Bishop

A bishop (English derivation from the New Testament Greek ἐπίσκοπος, epískopos, "overseer", "guardian") is an ordained or consecrated member of the Christian clergy who is generally entrusted with a position of authority and oversight. Within the Catholic Church, Eastern Orthodox, Oriental Orthodox, Anglican, Old Catholic, Independent Catholic Churches, and in the Assyrian Church of the East, bishops claim apostolic succession, a direct historical lineage dating back to the original Twelve Apostles. Within these churches, bishops are seen as those who posess the full priesthood and can ordain clergy including other bishops. Some Protestant churches including the Lutheran and Methodist churches have bishops serving similar functions as well, though not always understood to be within apostolic succession in the same way. It is the one ordained deacon, priest and then bishop who is understood to hold the fullness of the (ministerial) priesthood, given responsibility by Christ to govern, teach and sanctify the Body of Christ, members of the Faithful. Priests, deacons, and lay ministers cooperate and assist their bishop(s) in shepherding a flock.

The term epískopos was not from the earliest times clearly distinguished from the term presbýteros ("elder", "senior", nowadays used to signify a priest), but the term was already clearly used in the sense of the order or office of bishop, distinct from that of priest in the writings of Ignatius of Antioch (died c. 108), and sources from the middle of the 2nd century undoubtedly set forth that all the chief centres of Christianity recognized and had the office of bishop, using a form of organization that remained universal until the Protestant Reformation. During the early centuries of Christianity the title "pope" was applied generally to all bishops; it now has more specific meanings that vary between churches.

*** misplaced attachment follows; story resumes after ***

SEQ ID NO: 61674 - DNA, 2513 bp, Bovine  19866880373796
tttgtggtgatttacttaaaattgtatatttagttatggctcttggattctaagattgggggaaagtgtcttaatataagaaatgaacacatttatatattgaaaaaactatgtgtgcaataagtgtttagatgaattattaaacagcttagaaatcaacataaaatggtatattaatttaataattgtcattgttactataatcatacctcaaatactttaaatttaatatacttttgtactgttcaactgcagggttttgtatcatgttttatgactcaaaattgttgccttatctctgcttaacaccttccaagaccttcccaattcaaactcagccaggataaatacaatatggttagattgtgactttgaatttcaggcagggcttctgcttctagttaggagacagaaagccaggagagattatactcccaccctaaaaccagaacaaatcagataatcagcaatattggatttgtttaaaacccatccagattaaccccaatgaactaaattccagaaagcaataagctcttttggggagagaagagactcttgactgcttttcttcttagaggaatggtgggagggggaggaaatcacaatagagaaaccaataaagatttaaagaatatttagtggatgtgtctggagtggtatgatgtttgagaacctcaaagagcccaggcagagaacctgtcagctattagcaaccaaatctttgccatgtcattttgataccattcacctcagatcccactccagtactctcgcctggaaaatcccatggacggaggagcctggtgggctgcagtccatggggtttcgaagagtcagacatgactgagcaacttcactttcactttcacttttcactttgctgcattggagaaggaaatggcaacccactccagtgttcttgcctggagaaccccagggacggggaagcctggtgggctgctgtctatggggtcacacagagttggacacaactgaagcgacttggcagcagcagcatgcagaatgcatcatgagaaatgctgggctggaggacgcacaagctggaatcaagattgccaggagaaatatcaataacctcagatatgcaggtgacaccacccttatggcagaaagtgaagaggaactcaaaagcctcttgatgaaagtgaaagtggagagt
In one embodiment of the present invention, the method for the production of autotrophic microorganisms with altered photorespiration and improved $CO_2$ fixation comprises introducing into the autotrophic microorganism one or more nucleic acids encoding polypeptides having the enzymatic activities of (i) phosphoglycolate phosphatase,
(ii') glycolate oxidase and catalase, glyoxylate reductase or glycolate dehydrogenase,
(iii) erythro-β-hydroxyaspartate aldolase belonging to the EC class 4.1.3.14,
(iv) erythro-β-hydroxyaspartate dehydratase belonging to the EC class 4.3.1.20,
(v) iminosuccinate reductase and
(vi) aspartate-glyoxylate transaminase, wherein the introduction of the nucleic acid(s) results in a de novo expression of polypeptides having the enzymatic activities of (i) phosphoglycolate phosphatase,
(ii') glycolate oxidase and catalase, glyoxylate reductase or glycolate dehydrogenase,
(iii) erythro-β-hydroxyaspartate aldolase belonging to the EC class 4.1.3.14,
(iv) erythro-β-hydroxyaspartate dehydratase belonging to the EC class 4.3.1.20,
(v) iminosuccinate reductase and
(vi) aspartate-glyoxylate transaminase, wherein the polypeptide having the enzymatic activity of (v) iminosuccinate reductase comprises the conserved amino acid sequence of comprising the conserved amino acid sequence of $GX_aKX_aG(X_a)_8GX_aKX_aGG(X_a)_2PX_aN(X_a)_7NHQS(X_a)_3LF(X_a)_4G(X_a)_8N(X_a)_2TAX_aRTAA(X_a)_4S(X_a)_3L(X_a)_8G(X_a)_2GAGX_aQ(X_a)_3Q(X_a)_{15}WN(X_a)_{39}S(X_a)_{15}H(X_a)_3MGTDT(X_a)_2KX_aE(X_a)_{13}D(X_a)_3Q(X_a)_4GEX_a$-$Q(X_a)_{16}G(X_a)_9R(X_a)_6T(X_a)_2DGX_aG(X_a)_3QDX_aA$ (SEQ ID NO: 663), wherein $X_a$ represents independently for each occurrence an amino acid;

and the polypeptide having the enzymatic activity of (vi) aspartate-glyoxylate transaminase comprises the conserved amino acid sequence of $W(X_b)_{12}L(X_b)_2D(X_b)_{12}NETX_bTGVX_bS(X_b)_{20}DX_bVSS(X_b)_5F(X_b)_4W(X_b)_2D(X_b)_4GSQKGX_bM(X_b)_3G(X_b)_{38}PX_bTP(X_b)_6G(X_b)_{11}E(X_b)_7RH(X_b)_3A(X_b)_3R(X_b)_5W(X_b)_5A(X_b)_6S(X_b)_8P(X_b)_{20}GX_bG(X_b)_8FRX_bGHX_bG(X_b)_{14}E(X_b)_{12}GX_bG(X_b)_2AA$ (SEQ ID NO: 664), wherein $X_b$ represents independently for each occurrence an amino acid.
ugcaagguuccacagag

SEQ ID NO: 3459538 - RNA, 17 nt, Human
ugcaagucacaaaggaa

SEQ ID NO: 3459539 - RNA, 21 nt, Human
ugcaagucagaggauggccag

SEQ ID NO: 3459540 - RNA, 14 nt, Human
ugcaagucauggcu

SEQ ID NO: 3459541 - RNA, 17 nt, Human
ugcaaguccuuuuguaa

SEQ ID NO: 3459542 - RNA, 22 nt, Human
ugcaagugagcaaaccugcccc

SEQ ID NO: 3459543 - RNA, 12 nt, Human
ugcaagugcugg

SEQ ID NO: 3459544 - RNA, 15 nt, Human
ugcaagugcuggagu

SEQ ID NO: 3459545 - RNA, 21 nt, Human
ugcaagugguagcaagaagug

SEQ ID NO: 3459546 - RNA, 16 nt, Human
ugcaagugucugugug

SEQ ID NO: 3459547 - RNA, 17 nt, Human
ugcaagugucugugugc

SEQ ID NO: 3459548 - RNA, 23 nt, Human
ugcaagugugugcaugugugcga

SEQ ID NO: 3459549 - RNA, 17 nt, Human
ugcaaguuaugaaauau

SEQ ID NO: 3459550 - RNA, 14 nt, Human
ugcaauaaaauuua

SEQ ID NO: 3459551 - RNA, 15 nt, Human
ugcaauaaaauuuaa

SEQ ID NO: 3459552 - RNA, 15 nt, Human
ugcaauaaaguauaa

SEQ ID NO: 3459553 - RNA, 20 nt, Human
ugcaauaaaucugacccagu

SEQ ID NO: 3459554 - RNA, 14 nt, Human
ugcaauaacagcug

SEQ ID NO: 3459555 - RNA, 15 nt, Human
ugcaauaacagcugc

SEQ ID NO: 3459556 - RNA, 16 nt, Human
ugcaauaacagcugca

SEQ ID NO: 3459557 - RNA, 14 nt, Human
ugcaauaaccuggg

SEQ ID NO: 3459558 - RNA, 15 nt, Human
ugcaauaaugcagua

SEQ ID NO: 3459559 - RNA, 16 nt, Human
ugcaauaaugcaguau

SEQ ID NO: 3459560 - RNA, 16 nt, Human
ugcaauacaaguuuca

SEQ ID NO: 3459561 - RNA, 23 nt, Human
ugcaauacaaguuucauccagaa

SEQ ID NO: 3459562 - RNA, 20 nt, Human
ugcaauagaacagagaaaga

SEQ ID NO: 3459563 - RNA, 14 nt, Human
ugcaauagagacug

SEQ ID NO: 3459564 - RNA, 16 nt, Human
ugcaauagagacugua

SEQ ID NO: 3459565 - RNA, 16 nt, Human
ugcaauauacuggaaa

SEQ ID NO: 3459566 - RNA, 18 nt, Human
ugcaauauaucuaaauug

Read more about Bishop:  History, Bishops and Civil Government, Dress and Insignia

Famous quotes containing the word bishop:

    The armored cars of dreams, contrived to let us do so many a dangerous thing.
    —Elizabeth Bishop (1911–1979)

    How can a bishop marry? How can he flirt? The most he can say is “I will see you in the vestry after service.”
    Sydney Smith (1771–1845)

    Passing through here in 1795, Bishop Asbury commented, ‘The country improves in cultivation, wickedness, mills, and stills.’ Five years later, he held a meeting in the neighborhood and remarked that he thought most of the congregation had come to look at his wig.
    —Administration in the State of Sout, U.S. public relief program (1935-1943)